Thursday, 6 February 2014

Big sporting events and displacement

Batman fights for Rio's Poor and displaced


Oldest Favela in Rio updated for Olympics



While the Olympics and World Cup are fun events for many people who are able to go or watch via TV or online and listen through radio, many residents and local peoples who live near such large events often bear the brunt of the hosting city. In Brazil there have been nearly a year and half of protests by residents both middle class and poor in Rio de Janiero and San Paulo among other cities. The protesters have channel their frustrations and anger at the continual demolition of their homes and displacement by city and state as well as national government construction firms making way for the multimillion sometimes billion dollar Olympic villages, World Cup stadiums and commercialized districts for visitors. Such new brilliant constructions are seen as opportunities to promote Rio or Sochi as the city of the world, ripe for tourism and business investments. Big business is rubbing its hands together at all the possible investments and new links. Many of these billion dollar stadiums, hotels and mini cities are inaccessible for local people who literally live in their shadows. Just to get a ticket or even go near the Olympic or World Cup venue is impossible for local residents who are unable to pay an arm and a leg for seating or entrance to specific  venues. Many residents see the games as exciting but not representing them or their neighborhoods that are being bulldoze. The big sporting events are geared toward the international tourists and visitors. Various construction firms in Sochi, Rio and San Paulo as in Beijing and London are attempting to beautify the city at the expense of neighborhoods that are regard as part of their residents' identity. Protests in Brazil are also aimed at inaccessibility to education, healthcare, lack of teachers and doctors, dilapidated transportation and infrastructure in the major cities hosting the 2014 World Cup and the 2016 Olympics.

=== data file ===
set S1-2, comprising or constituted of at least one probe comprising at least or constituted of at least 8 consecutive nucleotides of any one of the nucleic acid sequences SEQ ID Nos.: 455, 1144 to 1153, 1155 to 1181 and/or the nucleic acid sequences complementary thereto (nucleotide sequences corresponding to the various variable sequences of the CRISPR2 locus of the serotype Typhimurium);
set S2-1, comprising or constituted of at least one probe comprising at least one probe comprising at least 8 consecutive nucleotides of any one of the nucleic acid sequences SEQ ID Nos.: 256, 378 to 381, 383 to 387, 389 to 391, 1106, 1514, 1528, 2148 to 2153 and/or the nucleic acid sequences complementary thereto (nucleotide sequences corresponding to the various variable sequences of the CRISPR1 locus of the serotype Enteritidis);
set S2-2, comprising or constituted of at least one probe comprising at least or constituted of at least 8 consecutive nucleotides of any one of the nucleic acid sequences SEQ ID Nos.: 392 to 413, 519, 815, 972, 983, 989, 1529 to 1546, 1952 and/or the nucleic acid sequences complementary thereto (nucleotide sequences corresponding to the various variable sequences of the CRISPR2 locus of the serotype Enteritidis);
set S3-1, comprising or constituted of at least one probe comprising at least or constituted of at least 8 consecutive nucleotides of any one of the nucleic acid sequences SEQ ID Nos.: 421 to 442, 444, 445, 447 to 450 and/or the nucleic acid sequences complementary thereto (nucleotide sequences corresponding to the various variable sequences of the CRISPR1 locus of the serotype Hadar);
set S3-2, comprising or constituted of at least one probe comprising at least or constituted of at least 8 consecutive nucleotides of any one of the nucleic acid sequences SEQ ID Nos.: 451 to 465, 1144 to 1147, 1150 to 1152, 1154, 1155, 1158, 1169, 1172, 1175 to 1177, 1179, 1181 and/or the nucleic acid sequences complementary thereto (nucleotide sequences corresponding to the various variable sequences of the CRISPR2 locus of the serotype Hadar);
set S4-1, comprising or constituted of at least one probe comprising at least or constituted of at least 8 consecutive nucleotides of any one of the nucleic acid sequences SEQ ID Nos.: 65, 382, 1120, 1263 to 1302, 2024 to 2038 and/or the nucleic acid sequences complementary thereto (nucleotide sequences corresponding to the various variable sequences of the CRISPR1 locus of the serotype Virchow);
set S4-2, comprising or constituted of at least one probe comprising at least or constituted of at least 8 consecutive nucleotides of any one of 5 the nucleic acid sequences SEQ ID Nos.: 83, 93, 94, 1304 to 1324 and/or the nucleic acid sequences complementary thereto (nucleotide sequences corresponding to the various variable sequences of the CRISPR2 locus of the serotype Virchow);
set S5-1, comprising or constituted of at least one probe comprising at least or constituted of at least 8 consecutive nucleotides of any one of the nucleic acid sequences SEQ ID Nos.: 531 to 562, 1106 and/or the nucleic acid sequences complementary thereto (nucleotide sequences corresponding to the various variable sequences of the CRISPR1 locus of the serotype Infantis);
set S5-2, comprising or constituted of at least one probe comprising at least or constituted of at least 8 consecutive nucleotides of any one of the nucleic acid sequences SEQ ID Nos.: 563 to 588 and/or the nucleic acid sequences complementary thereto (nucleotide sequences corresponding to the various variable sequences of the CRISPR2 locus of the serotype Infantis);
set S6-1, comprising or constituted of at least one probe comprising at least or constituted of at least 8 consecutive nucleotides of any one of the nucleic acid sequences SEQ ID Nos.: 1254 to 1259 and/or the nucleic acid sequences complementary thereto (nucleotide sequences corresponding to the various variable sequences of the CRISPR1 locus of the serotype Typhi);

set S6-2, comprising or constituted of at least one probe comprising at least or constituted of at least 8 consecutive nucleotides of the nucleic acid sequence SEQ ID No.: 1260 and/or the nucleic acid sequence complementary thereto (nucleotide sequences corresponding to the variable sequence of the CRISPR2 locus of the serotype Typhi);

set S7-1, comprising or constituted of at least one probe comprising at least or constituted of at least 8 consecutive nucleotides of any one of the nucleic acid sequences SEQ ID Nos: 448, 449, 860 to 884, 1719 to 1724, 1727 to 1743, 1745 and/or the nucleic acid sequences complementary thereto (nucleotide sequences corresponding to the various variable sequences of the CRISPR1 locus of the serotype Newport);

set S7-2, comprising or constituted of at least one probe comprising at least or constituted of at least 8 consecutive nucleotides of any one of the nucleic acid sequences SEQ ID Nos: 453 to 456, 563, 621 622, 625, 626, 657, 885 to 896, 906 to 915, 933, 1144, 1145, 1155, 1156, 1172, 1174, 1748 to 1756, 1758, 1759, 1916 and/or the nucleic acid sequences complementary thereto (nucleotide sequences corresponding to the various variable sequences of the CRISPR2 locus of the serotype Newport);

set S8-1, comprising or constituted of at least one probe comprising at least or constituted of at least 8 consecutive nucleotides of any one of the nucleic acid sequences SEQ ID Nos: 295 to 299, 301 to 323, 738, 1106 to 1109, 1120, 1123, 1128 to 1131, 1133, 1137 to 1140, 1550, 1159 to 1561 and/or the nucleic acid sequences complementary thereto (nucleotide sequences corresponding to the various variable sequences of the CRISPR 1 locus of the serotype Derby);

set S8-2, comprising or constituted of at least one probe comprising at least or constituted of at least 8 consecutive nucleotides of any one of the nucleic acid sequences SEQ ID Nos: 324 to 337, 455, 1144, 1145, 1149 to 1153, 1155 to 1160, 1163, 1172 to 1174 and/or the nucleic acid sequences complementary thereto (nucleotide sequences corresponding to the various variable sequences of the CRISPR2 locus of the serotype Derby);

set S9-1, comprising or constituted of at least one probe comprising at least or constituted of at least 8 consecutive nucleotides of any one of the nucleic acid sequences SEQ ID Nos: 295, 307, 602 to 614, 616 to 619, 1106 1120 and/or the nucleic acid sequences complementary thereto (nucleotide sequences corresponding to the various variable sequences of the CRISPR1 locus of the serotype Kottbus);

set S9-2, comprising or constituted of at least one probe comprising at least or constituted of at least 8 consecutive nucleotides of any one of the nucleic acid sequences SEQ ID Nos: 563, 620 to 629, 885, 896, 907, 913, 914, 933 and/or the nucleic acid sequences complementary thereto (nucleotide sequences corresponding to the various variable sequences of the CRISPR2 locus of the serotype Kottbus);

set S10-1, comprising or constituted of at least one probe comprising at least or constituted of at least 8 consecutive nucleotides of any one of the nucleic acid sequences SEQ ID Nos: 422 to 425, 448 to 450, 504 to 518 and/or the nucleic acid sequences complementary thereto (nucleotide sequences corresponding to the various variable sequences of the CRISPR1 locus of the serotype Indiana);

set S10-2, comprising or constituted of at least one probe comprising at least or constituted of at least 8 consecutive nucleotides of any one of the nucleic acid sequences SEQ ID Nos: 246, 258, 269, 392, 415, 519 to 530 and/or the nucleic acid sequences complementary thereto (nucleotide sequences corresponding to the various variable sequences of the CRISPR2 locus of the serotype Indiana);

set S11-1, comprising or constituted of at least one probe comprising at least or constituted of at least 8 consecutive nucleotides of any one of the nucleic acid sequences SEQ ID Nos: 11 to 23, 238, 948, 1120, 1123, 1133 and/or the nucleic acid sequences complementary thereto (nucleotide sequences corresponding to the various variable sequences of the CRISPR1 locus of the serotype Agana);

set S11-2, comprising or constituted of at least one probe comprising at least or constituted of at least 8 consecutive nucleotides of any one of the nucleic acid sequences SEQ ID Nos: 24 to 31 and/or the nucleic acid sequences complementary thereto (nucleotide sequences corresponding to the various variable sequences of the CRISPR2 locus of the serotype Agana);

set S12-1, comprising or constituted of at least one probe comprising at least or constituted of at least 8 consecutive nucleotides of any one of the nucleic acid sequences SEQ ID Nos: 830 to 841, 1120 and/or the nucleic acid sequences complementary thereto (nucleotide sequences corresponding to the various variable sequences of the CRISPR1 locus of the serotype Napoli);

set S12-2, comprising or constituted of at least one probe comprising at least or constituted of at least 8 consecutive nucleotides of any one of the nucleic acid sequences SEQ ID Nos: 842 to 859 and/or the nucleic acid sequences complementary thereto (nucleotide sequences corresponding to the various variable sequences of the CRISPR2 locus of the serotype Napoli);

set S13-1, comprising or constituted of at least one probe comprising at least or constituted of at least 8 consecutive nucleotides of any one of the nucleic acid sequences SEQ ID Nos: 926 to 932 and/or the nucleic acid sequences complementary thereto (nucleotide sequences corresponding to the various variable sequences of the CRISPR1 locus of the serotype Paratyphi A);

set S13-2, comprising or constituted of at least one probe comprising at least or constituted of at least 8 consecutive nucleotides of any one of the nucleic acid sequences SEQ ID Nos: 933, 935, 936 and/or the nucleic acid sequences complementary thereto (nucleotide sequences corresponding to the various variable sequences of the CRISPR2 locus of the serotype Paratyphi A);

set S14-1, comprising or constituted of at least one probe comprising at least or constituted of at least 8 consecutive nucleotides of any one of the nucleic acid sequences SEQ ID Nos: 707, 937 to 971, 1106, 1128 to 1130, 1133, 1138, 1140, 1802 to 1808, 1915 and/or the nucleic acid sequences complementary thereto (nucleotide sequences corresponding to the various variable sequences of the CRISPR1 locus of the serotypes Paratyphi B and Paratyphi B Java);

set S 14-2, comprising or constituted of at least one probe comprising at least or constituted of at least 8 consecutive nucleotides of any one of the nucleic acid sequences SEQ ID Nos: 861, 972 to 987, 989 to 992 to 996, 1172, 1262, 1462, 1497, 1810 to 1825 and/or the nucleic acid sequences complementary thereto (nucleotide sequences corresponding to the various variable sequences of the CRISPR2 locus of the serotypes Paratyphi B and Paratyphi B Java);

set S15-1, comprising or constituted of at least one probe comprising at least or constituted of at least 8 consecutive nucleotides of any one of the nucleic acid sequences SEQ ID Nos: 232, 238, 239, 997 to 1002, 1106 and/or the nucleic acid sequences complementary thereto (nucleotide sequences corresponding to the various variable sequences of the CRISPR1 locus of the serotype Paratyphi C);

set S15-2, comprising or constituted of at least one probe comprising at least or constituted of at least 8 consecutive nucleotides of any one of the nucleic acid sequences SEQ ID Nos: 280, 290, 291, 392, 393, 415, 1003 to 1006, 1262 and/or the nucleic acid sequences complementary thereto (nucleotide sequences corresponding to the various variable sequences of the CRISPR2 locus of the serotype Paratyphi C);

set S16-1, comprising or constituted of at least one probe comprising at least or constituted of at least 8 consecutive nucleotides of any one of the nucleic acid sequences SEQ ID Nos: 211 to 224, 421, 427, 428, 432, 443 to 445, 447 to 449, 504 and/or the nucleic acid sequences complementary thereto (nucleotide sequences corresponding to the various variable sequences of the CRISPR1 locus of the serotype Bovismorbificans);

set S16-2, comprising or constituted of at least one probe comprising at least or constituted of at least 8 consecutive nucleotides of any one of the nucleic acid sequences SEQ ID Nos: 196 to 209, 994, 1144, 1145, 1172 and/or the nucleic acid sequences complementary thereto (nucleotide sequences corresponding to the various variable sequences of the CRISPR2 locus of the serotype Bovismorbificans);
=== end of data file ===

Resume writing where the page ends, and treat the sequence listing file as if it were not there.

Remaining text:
The Cost of Glory: 2014 Sochi Winter Olympics Games

Exploitation of migrants workers from Tajikistan, Uzbekistan, non compensated and forced eviction and home demolitions for 2000 families, shooting stray dogs and limiting access to city residents are many reoccurring frustrations the residence in Sochi deal with as the city prepares to the host the Olympics.

The Debate: Hosting the olympics in Sochi


Favela Wars: Demolitions and heavy policing in favelas on the heels of Olympics and World Cup


Old Beijing being demolish to make way for 2008 Olympics


When Beijing hosted the Olympics, the city lost several historical neighborhoods named hutongs that had survived centuries of attempted demolitions. The hutongs are part of Beijing's Old City and historic district which have gradually been replaced over the years by rings and neighborhoods of high rises  overshadowing the remaining Old City of Beijing. The neighborhoods that are saved from destruction do receive infrastructure development and upgrades in its social services along with beautification projects. The beautification projects are key to representing a hosting city as an idealized symbol of what the host country best represents on the world stage.

Protests against the high cost of hosting events


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